Who Review: Dinosaurs on a Spaceship
One of the things that makes Doctor Who appealing to such a wide audience is the fact that the nature of the show allows for a wide range of themes and moods. Sometimes we get highly emotive drama (e.g., “Father’s Day” from new series 1, or “Human Nature/The Family of Blood” from new series 3), sometimes scare-your-pants-off thrills (e.g., “The Empty Child/The Doctor Dances” from new series 1, or “Blink” from new series 3). Other times the adventures can be dark and a bit edgy (e.g., “The Impossible Planet/The Satan Pit” from new series 2, or “Midnight” from new series 4), or more comedic (“Love and Monsters” from new series 2, or “Closing Time” from new series 6). Often, the stories fall somewhere on a continuum between all of these.
“Dinosaurs on a Spaceship” definitely leaned more on the lighter, comedic side, though there was a good dose of drama and excitement too. In this second story of series 7, the Doctor gathers a “gang” consisting of the ancient Egyptian ruler Queen Nefertiti, Edwardian big-game hunter John Riddell, Amy and Rory, and, unwittingly, Rory’s dad, Brian. He takes this gang aboard a ship in the 22nd century that is drifting toward Earth. The Indian Space Agency is getting ready to shoot it down, but the Doctor has found a precious cargo on board that he wants to save if he can: dinosaurs. But how did the dinosaurs get to be there? Whose ship was this–and where are they now? And can the Doctor save everyone before they’re all blown to oblivion?
SPOILER ALERT!! My comments may (and likely will) contain spoilers for those that haven’t seen the episode. If you want to stay spoiler-free, please watch the story before you continue reading!
The last time dinosaurs were featured so prominently in a Doctor Who story, it was “Invasion of the Dinosaurs” from 1974. If you read my review of the DVD release, you’ll know that the dinosaur effects were–um–less than impressive. Thankfully, with modern CGI and animatronics, and a much larger budget, the Doctor Who production team are able to come up with creatures that are much more believable. Of course, audiences today expect no less.
I know the lighter tone to the episode frustrates some of the more serious Whovians, but that’s the nature of the show. Not every story is going to be a hit with everyone (indeed, some fans of the show are so picky about even the best episodes, one wonders why they keep watching!). Some have hinted that this story is a bit of comedy relief before the next three episodes, where things take a turn for the decidedly grim. I wouldn’t be surprised.
Some reviewers have critiqued the plot, complaining that having Rory’s dad there was a convenient fix to the problem of having a pair of genetically-compatible people to pilot the ship. I shake my head. First, like it or not, “coincidences” like this happen in real life: you need something, and you just happen to have it in your pocket, or your wife has what you need in her purse/handbag. Maybe life is one big convenient plot device… but that sounds like a theme for one of my theological posts. In any case, suck it up, I say. Chris Chibnall, this episode’s writer, says he had requested the addition of Rory’s father to the story because we’ll soon be saying goodbye to Rory, and we know so little about his family. Frankly, I like the little story arc both Rory and Brian go through here. During this adventure, Brian gets to see his son in the context of his life with Amy and the Doctor. It seems he had never even seen Rory’s nursing skills before. Rory gets to see his father broaden his horizons from being someone who hardly ever left home, to someone willing to fly a spaceship and marvel at the world (and universe) outside his front door.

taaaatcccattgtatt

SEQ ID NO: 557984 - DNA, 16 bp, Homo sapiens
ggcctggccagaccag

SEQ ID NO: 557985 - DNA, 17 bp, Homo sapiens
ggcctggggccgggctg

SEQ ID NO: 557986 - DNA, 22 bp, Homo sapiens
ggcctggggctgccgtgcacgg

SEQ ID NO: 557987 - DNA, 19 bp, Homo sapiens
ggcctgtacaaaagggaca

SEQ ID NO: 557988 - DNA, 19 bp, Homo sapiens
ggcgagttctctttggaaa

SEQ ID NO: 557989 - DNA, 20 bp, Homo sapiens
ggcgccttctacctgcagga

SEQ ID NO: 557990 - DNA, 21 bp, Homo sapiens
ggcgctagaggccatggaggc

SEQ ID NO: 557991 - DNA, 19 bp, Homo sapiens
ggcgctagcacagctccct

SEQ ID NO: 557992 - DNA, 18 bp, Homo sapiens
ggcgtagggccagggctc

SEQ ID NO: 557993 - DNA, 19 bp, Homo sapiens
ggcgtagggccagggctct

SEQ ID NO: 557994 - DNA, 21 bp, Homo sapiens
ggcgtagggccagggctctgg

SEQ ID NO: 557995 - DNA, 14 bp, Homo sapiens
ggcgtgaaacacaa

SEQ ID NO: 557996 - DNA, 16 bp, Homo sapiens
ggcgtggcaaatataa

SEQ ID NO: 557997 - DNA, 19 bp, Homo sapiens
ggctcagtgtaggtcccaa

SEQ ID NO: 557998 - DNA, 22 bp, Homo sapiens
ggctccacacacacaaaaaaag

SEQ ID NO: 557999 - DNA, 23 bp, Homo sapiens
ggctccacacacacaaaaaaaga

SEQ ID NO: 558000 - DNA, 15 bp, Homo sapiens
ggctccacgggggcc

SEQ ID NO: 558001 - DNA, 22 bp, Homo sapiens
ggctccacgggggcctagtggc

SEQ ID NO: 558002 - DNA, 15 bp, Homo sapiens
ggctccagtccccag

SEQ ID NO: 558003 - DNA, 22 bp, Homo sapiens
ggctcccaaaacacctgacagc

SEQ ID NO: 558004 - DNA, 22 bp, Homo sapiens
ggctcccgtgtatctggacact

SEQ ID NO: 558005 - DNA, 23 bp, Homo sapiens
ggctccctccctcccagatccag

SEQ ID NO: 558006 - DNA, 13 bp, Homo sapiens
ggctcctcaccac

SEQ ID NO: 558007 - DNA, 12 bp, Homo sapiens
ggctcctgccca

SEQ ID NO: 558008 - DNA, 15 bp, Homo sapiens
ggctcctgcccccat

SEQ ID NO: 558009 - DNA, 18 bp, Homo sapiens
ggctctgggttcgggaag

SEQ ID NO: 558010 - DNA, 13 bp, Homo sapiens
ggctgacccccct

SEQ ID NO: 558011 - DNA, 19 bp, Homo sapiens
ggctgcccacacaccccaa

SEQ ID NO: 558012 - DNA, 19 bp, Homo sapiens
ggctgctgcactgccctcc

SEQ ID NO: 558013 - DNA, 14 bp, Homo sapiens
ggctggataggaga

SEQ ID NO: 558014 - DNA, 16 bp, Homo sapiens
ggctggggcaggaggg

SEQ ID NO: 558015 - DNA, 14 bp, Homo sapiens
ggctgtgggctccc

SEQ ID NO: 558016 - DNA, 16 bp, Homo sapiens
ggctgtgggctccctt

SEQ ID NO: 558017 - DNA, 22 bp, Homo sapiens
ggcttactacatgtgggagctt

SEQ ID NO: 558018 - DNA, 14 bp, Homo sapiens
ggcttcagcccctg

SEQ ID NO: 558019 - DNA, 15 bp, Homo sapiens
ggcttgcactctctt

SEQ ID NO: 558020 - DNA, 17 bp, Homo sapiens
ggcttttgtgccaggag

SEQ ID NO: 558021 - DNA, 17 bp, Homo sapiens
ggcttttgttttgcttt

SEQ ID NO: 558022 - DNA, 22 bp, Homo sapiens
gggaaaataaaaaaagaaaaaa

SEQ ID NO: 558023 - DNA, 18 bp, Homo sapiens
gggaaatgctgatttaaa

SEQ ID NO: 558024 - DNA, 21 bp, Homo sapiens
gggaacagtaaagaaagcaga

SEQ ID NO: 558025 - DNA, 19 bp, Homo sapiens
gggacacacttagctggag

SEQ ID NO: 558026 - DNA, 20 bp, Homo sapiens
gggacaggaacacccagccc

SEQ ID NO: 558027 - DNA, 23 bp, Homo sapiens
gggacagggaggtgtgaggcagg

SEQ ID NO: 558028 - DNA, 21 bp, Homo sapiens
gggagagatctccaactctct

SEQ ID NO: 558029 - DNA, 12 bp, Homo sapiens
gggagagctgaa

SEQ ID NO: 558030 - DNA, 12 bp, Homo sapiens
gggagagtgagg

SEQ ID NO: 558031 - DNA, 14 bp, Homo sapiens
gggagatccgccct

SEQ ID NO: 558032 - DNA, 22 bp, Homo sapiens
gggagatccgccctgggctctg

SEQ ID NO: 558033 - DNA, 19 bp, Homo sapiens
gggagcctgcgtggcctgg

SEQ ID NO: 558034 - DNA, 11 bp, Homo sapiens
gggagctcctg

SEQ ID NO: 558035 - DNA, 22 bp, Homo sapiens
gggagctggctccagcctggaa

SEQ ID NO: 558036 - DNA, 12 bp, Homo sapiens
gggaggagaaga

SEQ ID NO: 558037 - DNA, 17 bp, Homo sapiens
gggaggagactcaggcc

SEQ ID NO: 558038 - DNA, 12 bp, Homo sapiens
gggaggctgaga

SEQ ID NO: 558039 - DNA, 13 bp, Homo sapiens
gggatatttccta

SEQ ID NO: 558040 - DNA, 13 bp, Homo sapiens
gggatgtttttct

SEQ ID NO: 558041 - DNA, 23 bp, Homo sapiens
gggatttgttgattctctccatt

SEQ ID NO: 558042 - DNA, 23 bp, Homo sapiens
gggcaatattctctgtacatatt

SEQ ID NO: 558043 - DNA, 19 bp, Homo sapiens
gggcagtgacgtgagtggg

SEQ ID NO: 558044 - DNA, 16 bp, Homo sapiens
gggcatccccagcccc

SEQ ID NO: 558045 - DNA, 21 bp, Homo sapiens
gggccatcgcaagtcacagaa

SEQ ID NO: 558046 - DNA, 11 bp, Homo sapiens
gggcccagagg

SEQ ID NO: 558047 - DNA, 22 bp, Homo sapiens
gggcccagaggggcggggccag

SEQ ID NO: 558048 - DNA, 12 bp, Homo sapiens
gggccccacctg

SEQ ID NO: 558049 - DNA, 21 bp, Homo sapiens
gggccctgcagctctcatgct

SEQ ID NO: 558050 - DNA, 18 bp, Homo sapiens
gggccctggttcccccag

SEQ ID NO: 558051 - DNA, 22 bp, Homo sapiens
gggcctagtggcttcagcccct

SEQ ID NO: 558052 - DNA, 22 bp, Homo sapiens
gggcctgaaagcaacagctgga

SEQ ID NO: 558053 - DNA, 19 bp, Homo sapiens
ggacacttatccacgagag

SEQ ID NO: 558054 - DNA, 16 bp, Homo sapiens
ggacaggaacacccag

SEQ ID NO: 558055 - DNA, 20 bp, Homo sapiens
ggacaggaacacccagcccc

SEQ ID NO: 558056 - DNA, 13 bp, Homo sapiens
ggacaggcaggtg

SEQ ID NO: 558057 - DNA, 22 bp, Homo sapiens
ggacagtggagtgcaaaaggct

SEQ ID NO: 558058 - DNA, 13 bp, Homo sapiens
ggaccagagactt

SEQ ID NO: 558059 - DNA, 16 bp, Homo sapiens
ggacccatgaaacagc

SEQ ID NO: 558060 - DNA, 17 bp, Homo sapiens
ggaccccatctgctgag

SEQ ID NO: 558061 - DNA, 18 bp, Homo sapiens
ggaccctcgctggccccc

The Silurian cameo was a nice touch that provided a plausible reason why dinosaurs would be on a spaceship. The way the Doctor deals with Solomon, the black market trader, seems a bit harsh and un-Doctor-like… but it’s not really. Recall the way he dealt with Cassandra in “The End of the World” (series 1), the Sycorax leader in “The Christmas Invasion” (the 2005 Christmas Special), the children of the Racnoss in “The Runaway Bride” (the 2006 Christmas Special), and so on. We know the Doctor has a dark edge to him, and there are limits to his compassion.
The title appears to be a play on the movie “Snakes on a Plane,” though no-one has confirmed that to be the case. From what I gather, the story developed from the title–”Dinosaurs on a Spaceship” as a concept came first. It seems some reviewers have a problem with this, as if it was a dodgy idea that needed a lot of work to make it tenable. As someone who writes fiction, it sounds to me like a great writing challenge that Mr. Chibnall pulled off quite successfully.
Aside from Amy Pond (and I’ve told you all before that I don’t like Amy Pond’s character, so any griping on my part about her is pointless), the only thing about this story I really didn’t like was the opening, where Nefertiti is trying to have her way with the Doctor. I understand that in 21st century Doctor Who, the Doctor is allowed to show affection to his female assistants, and smooching is not out of the question. But let’s not get carried away. If we’re trying to say that Nefratiti was a bit of a wild girl–which seems consistent with the banter between her and Riddell–that doesn’t mean she would be like that with anything in trousers. It almost feels as if show-runner Steven Moffat thinks we need periodic doses of this to keep things interesting. Speaking for myself and my family: no, we don’t, thanks.
Overall, a good episode, and consistent with the high standard we’ve come to expect of the writing and acting on Doctor Who. Definitely lighter than “Asylum of the Daleks,” but that’s okay. Doctor Who hasn’t survived fifty years by being predictable.